Celebrate Hispanic Heritage Month events at ASU

September 15, 2014

Hispanic Heritage Month, which runs from Sept. 15-Oct. 15, celebrates the histories, cultures and contributions of Americans who come from from Spain, Mexico, the Caribbean and Central and South America.

Events across all four ASU campuses include salsa dancing, food tastings, cultural performances and the anticipated screening of "Underwater Dreams." The film documents the true story of how a group of young Hispanic students from Carl Hayden Community High School, located in an underrepresented, economically challenged part of Phoenix, learned to build an underwater robot, and then defeated teams from universities across the country, including the Massachusetts Institute of Technology, in a national competition 2004. Hispanic heritage month at ASU graphic Download Full Image

More than 20 student organizations will kick off the celebration at a resource and information fair from 11 a.m. to 2 p.m., Sept. 15, at the Memorial Union North Stage, Tempe campus. With entertainment provided by Univision Radio, the event will include information about upcoming events, voter registration and free paletas (ice cream bars) for the first 700 people.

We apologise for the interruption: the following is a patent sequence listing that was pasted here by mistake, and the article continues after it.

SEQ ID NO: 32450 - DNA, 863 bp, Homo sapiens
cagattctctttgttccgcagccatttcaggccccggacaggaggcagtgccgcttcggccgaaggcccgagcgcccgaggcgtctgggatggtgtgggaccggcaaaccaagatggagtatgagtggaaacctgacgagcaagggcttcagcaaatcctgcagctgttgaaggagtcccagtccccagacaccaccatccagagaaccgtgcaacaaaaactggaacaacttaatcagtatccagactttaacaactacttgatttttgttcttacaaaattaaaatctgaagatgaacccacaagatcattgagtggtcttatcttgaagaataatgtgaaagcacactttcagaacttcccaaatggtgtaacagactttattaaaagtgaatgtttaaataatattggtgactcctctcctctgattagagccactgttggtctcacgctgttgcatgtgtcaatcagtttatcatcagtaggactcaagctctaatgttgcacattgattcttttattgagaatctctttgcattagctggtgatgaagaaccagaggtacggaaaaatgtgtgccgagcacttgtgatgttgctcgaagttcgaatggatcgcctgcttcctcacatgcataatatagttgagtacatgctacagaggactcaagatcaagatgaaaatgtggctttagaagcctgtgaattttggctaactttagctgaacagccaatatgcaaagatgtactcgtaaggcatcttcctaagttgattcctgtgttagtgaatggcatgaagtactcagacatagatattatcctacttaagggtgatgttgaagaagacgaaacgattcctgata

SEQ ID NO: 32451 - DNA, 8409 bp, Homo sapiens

All events are free and open to the public.

The following are the university-wide signature events during Hispanic Heritage Month:

"Underwater Dreams" documentary and panel
6-8 p.m., Sept. 26, MU Arizona Ballroom, Tempe campus
Brought to you by Fulton Schools of Engineering; Graduate Professional Student Association; Society of Hispanic Engineers; Latinos in Engineering and Science; and the NASA Space Robotics Club.

Noche de Celebración
11:30 a.m.-1:30 p.m., Sept. 15, Verde Dining Pavilion, West campus

Closing Reception – Salsa – Salsa Fiesta
6-7 p.m., Oct. 15, Sun Devil Fitness Complex, West campus

La Fiesta
6-9 p.m., Sept. 15, Civic Space Park, Downtown Phoenix campus

Media Perceptions of Latinos
noon-2 p.m., Sept. 17, Century Hall Multipurpose Room, Polytechnic campus

Screening of film, “Underwater Dreams”
6-8 p.m., Sept. 24, University Center Building, La Sala B & C, West campus

Latin Night
8-11 p.m., Sept. 26, MU North Stage, Tempe campus

Calle 16 Mural Project Painting
9 a.m.-5 p.m., Sept. 30, Sands Courtyard, West campus

Fiesta de la Noche
6-8 p.m., Sept. 30, Century Hall Courtyard, Polytechnic campus

Cafe Y Pan
1-3 p.m., Oct. 1, Student Union, Polytechnic campus

Tempe Tardead
noon-6 p.m., Oct. 5, Tempe Community Complex (3500 S. Rural Rd., Tempe)

Living in Higher Ed – Latinos at ASU, Learning, Growing, Sharing
noon-1 p.m., Oct. 7, Memorial Union, Gold Room. 207, Tempe campus